What Happens When You Quit Smoking?

Have you ever asked yourself this one simple question: What happens when you quit smoking?

Smoking releases thousands of chemicals into your bloodstream. These will have an effect not only on your lungs but also on heart, brain, kidneys and blood pressure. Quitting smoking is the best thing you can do to your body, quitting will lower your chance of getting cancer and will help you to breathe easier. So, straight to the point, what happens after….

20 minutes

Your blood pressure will start getting back to normal levels [2]. Bacteria and all irritants will start getting removed from your lungs. Bronchial tubes are unable to move due to excess smoke and tar which stops the cleaning process [3].

8 hours

At this point the excess carbon monoxide (smaller brother to the famous CO2) is getting removed from your body - and believe me - you don’t want this in your body!. Carbon monoxide replaces oxygen in your bloodstream which lowers the amount of it getting through to your internal organs and brain. I am not sure about you, but we love oxygen! [3]

Now. Stop. Take a breath, a long deep breath. Do you feel all this extra air rushing through to rescue your carbonated tissues?

Ok, moving on.

24 hours

By this time you have cut the risk of having a heart attack in half [1].  

48 hours

Your nerves are starting to regrow (yep, smoking has damaged them as well) [3]. That’s not all...do you notice these extra smells, maybe a Sunday roast tastes so muuuuch better? Yes? Well this means that your senses are getting back on track.

72 hours also known as 3 days

You will start breathing easier, your bronchial tubes are more relaxed and start to open up (just like your mates after a few drinks). This is because the air in your lungs is able to move more freely. After 3 days your lung capacity improves, this will help in your evening jog or during your morning swimming sesh [3]. Get ready to hit the gym!

1 week after stopping smoking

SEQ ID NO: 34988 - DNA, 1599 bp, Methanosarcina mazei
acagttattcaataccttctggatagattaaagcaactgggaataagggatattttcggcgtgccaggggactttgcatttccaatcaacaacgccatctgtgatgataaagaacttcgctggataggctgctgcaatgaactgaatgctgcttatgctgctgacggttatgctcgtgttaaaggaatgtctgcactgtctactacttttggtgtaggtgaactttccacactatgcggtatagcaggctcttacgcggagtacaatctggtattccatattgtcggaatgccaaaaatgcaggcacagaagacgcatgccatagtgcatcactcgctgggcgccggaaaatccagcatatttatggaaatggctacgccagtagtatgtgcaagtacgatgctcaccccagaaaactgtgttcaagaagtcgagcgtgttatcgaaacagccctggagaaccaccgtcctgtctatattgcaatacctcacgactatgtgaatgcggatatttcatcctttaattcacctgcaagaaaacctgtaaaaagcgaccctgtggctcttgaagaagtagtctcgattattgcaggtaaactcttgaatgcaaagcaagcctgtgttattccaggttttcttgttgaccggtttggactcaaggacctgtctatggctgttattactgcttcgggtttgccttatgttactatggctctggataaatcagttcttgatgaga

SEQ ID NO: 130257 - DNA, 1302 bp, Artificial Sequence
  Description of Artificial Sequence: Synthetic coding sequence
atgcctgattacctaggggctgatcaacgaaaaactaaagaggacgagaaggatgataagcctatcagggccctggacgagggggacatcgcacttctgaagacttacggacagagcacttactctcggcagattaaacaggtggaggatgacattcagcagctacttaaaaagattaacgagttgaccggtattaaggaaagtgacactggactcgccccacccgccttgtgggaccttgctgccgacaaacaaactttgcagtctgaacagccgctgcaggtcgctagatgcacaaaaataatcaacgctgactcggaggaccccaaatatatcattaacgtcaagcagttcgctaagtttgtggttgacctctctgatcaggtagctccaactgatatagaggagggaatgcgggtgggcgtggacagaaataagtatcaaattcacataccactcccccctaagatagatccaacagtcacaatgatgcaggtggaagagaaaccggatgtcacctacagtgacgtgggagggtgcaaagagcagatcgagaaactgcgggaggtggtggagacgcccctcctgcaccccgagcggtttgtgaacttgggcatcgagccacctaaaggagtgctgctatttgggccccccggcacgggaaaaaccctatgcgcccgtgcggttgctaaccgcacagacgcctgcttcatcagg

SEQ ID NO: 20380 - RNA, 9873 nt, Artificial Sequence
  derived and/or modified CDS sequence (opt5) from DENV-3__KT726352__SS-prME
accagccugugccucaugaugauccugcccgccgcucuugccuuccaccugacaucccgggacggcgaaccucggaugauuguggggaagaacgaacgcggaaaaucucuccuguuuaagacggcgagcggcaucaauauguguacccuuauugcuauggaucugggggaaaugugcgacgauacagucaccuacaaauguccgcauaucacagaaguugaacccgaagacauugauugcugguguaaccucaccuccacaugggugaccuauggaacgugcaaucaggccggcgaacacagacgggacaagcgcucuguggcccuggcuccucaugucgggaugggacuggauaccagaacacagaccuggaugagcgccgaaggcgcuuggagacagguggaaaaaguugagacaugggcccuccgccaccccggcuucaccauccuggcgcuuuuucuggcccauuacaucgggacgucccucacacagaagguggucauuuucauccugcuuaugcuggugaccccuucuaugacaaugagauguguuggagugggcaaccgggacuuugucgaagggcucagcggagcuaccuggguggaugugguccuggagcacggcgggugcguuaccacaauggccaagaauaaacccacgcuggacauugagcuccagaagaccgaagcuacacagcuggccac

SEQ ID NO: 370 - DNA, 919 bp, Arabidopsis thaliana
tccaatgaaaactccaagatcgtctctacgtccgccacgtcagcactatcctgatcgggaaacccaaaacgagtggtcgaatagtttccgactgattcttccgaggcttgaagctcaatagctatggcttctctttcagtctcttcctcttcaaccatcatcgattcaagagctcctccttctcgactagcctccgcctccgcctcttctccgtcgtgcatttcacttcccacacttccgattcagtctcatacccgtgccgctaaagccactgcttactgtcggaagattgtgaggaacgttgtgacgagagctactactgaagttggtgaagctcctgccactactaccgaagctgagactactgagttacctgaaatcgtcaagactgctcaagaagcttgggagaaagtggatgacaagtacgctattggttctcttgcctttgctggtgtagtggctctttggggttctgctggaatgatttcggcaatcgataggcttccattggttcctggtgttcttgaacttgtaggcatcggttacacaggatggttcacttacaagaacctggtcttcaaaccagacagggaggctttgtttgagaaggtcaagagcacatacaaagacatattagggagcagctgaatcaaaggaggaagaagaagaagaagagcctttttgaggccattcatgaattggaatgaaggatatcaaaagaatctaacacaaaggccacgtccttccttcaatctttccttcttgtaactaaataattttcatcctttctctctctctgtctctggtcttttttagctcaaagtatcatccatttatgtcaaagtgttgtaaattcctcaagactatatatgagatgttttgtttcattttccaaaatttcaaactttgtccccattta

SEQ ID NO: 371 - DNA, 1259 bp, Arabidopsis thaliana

Congrats, you are 9 times more likely to completely stop smoking at this point! [3]

2 weeks

Circulation and oxygenation get back to normal. Now you can not only breathe easier, but walking is also getting easier as well!

As an extra bonus, your lungs are performing 30% better than 2 weeks ago [3], yay!

1 month

At this point, you will experience a variety of improvements in your health. You should be able to notice improved energy levels and a decrease of shortness of breath [3].

6 months

Your airways are much less inflamed at this point. Some people are able to handle stressful situations in a much more civilised manner [3]. Aaaaand….. You have a couple of hundreds pounds more in your pocket. Did I lose you at a few drinks with mates? Well, now you can have a few more!


I wish I had a fireworks emoji here, nevertheless, you made it! One year is a big one, you will see huge health improvements across different parts of your body [3].

Yeah, you breathe easier, feel better, smell better among other improvements. But if you are in your 20s that is not important - what is though is the extra thousands of coins in your bank account, or your wallet (if you like heavy wallets) [4]. Now go, get yourself this dream holiday!

3 years after

High five to you, my non-smoking friend. You made it. You’re never going back. But your body is potentially stick recovering from all those cigs! Keep it up and don’t look back. You’ve made it this far.

10 year

Your risk of dying from cancer has fallen by half [1], not bad, eh?

15 years later

The 15-year mark is a huge one. Your body is back to normal [3].

Now think for a second. Was it worth starting to smoke at all?

If you are a smoker, stop now, give your future self a gift. So if you’ve already made the switch to vaping and you’re thinking of having a sneaky at the weekend. Don’t ruin all that hard work.

[1] https://www.nhs.uk/smokefree/why-quit/what-happens-when-you-quit

[2] https://onlinedoctor.lloydspharmacy.com/blog/stop-smoking/

[3] https://www.healthline.com/health/what-happens-when-you-quit-smoking

[4] https://www.nhs.uk/smokefree/why-quit/cost-calculator